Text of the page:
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home : local news : local news August 01, 2014

9/23/2011 1:18:00 PM
State to appeal Allision decision
By SARAH RUHOLL
Daily News

The judge who dismissed Michael Allison's case last week won't have the final word.

An appeal by prosecutors is likely in the works, Crawford County State's Attorney Tom Wiseman said Wednesday.

On Sept. 15, Second Illinois Judicial Circuit Judge David K. Frankland accepted Allison's motion to dismiss the case on the grounds that eavesdropping law he is charged under is unconstitutional.

Allison's defense filed the motion on April 29, citing three ways in which the law violates constitutional protections. Frankland granted two of the motions, rejecting the third.

Wiseman said the prosecutors - the Illinois Attorney General's Office was brought in earlier this summer to assist with the case - have 30 days to appeal. They'll take their time in making the next move in a case that has brought national attention to the county.

"We're still considering all of our options at this time," Wiseman said. "We've got a little time here."

Michael D. Allison, 42, Bridgeport, was charged with five felony counts of eavesdropping for five separate incidents of audio recording conversations without consent after he tried to record a Jan. 13, 2009, court proceeding with Judge Kimbara G. Harrell.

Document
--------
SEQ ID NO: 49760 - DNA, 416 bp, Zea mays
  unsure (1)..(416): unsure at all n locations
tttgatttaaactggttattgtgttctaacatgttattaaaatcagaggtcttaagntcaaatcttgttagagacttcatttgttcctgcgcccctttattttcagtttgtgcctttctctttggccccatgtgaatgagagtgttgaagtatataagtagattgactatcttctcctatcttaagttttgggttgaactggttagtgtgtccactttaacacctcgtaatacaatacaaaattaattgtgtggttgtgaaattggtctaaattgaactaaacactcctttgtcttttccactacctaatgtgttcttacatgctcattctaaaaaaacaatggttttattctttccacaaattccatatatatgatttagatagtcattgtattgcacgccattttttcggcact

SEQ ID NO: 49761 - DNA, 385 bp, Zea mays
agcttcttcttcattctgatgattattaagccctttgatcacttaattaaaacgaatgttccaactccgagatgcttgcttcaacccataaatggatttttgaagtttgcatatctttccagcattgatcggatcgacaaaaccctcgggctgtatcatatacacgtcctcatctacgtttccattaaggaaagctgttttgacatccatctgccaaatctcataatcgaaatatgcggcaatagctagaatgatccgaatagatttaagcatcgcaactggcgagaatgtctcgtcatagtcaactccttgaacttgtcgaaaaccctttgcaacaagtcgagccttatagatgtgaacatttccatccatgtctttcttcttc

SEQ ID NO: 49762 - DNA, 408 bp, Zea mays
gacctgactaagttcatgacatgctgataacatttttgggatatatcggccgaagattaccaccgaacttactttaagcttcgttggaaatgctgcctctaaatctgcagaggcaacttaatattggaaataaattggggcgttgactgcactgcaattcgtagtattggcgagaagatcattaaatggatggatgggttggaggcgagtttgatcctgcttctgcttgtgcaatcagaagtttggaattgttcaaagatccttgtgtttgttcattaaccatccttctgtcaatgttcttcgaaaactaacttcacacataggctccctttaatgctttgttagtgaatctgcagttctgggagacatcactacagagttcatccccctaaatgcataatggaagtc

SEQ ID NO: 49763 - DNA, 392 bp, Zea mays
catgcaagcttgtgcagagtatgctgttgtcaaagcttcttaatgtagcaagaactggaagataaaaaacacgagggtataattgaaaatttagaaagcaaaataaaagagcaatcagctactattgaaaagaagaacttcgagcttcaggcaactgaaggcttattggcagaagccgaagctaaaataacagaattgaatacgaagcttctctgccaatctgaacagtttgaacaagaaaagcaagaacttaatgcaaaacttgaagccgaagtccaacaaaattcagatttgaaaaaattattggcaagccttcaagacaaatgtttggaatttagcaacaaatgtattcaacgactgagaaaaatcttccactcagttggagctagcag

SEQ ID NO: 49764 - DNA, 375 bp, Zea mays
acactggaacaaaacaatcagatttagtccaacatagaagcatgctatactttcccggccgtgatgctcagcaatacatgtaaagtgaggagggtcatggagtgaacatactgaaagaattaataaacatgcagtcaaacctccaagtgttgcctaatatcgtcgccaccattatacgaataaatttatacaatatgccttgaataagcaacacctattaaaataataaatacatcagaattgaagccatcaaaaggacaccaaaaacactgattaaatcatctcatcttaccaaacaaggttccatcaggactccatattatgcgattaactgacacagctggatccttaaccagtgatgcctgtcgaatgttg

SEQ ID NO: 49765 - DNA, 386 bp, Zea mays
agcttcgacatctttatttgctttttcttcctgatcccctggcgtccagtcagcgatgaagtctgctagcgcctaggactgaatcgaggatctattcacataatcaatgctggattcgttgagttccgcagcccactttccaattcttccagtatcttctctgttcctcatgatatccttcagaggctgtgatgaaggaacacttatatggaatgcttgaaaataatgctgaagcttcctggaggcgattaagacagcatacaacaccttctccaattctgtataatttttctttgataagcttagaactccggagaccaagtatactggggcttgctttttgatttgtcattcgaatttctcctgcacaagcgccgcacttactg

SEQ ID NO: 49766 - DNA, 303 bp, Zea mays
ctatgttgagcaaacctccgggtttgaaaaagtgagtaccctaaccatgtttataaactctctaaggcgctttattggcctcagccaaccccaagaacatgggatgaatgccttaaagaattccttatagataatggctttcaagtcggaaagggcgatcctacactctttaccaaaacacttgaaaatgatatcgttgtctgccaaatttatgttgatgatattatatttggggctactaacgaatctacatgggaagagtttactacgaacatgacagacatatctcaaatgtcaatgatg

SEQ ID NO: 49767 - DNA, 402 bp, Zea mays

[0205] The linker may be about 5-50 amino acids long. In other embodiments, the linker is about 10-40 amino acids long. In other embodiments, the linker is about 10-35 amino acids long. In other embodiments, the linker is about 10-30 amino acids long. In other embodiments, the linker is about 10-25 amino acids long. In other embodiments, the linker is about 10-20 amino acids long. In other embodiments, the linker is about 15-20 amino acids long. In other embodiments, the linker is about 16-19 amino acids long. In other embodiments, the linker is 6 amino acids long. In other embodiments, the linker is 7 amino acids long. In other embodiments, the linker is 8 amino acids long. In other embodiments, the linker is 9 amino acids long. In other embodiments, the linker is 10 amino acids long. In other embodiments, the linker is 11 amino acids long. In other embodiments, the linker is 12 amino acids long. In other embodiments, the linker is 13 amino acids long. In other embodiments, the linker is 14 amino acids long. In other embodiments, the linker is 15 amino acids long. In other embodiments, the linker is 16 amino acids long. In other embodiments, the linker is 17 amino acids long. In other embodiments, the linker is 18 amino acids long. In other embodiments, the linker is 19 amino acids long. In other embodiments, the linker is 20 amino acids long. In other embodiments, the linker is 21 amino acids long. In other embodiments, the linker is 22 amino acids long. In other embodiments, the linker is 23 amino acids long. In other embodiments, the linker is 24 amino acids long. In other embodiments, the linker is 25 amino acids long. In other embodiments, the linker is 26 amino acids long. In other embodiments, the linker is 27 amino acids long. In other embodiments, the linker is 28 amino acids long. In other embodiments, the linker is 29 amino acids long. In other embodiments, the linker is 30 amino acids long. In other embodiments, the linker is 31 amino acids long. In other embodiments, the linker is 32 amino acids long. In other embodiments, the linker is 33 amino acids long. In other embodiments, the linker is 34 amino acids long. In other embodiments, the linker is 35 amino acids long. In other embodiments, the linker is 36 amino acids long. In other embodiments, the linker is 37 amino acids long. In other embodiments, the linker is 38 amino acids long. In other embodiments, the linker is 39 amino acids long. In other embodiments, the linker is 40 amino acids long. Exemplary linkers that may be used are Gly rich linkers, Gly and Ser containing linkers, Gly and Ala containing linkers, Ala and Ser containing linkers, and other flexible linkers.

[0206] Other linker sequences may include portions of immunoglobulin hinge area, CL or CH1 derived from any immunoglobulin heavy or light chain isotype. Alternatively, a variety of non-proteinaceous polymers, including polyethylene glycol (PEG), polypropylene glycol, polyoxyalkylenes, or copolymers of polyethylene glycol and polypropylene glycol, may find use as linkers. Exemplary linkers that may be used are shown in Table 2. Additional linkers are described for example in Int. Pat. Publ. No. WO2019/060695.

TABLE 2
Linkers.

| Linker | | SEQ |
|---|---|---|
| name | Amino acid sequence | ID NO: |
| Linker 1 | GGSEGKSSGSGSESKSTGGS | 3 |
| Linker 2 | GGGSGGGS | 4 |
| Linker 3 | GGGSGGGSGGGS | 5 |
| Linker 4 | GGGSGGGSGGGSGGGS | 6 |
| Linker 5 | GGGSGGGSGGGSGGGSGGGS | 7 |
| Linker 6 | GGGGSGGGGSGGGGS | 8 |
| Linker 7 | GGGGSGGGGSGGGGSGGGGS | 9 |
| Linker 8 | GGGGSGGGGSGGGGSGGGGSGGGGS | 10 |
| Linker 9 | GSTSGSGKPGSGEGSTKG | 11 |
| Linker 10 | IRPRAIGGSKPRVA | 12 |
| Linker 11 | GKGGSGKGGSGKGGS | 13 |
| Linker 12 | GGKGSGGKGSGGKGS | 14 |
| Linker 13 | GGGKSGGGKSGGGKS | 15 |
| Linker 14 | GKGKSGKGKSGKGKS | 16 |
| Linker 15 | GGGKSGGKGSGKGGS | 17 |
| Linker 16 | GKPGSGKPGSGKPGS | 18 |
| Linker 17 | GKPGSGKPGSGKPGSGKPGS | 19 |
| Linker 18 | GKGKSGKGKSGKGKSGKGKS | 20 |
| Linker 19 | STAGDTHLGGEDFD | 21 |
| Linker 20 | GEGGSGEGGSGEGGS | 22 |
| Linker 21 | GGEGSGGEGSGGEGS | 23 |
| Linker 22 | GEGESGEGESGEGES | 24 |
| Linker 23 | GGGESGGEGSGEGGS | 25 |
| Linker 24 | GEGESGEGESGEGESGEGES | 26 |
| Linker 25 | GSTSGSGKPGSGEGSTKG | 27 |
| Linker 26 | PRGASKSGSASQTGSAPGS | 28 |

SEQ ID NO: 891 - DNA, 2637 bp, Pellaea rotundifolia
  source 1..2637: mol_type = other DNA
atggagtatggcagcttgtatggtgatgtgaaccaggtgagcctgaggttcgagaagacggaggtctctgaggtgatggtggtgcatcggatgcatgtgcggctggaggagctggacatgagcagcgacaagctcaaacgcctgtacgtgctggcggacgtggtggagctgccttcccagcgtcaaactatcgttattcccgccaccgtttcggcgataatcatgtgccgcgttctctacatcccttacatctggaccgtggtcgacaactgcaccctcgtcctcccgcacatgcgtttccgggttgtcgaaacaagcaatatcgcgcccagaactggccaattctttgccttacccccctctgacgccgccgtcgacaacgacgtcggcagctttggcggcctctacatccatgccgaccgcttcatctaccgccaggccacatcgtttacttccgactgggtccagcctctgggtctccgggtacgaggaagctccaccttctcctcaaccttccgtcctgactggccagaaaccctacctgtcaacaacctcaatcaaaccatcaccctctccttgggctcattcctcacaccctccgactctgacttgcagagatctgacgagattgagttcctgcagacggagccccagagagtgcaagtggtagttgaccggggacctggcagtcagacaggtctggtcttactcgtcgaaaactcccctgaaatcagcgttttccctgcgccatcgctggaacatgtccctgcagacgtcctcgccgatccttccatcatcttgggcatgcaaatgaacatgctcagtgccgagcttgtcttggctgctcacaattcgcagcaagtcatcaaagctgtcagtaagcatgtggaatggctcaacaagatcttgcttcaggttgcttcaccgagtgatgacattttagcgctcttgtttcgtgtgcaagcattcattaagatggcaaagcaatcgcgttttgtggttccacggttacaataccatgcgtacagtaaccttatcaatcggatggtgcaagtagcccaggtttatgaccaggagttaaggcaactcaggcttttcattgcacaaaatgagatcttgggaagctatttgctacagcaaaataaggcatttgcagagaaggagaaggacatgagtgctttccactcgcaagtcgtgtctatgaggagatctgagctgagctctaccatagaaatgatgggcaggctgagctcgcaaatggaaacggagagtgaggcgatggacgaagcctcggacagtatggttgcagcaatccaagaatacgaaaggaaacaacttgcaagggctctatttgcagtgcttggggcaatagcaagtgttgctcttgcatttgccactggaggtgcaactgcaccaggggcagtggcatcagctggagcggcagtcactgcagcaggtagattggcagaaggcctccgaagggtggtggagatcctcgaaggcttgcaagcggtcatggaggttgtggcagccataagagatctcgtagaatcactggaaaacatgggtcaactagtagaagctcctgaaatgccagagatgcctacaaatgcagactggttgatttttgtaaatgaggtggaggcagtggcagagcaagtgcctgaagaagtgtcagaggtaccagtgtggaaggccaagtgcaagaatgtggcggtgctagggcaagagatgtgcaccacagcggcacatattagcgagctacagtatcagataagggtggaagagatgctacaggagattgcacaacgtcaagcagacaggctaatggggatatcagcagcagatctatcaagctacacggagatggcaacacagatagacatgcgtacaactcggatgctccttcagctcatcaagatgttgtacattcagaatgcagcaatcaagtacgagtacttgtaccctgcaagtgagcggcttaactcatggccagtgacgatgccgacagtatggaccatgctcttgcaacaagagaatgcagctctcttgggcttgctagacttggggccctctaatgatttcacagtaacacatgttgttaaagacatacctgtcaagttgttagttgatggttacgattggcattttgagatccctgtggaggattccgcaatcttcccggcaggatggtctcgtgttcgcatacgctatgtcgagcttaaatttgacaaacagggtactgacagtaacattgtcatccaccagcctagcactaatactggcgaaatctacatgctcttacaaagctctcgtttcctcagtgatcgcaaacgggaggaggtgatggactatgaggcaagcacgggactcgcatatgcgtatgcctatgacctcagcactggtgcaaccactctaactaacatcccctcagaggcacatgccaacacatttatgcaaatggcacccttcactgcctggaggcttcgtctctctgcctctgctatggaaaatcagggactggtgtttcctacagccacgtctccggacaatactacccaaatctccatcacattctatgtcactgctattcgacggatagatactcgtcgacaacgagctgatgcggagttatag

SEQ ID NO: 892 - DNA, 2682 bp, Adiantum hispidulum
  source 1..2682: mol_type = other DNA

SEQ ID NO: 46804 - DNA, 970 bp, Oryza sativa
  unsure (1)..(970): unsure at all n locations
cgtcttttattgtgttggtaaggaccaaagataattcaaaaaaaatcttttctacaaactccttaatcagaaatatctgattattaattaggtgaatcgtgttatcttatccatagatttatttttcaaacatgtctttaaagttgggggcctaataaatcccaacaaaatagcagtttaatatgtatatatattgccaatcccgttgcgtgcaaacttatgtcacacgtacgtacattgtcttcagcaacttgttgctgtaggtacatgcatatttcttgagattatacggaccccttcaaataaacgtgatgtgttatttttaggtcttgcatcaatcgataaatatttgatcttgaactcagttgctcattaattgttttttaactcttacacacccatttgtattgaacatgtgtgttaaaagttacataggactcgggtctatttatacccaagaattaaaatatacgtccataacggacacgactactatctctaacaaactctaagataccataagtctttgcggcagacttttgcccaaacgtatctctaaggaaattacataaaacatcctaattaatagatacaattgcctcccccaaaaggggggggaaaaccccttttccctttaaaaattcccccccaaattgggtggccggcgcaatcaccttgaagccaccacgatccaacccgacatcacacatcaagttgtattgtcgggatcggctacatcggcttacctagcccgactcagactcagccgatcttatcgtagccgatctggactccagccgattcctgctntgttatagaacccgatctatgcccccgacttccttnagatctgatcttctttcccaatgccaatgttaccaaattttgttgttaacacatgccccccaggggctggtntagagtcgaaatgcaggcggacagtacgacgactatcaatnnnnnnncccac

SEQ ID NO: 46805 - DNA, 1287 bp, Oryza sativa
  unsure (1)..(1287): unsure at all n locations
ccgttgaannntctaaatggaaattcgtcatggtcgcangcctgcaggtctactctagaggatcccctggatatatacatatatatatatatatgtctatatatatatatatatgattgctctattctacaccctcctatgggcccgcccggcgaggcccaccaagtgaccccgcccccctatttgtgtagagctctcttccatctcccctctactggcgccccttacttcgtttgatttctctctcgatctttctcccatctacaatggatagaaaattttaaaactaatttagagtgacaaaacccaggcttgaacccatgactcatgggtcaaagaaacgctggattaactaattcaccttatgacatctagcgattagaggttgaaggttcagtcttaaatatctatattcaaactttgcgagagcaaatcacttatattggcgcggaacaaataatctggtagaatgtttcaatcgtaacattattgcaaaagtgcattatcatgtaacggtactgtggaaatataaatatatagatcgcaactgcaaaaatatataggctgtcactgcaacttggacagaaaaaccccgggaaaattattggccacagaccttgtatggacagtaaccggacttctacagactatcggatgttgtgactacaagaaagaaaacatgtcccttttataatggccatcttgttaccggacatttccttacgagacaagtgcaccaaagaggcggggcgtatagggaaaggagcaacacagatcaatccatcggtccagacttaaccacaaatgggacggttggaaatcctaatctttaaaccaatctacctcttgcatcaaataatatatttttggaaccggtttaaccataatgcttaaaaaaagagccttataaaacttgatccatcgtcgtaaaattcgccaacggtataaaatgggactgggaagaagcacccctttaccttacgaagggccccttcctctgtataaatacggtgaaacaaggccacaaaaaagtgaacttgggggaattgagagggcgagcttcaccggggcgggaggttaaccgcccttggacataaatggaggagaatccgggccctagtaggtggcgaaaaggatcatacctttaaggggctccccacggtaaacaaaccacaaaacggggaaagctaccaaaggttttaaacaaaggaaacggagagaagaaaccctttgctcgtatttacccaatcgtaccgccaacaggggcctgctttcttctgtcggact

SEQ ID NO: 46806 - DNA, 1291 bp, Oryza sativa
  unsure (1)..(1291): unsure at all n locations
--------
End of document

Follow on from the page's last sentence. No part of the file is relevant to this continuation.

Allison also faces two other counts of recording an officer performing official duties without consent that occurred on Nov. 26 and Dec. 6, 2008, and two charges of recording conversations without consent that took place in the Crawford County Courthouse on Dec. 19 and Dec. 31, 2008.

If convicted, Allison could face up to 75 years in prison.

Frankland's ruling left room for charges stemming from the court room incident, writing that while the law is unconstitutional because it prohibits recordings without reasonable time, place and manner restrictions, Allison should not have been permitted to record his court proceeding because it is disruptive.

In early September, Allison's story went viral. He was mentioned by the likes of Glenn Beck, the Drudge Report and the Huffington Post, prompting a flood of angry calls to local city and county offices from across the country.





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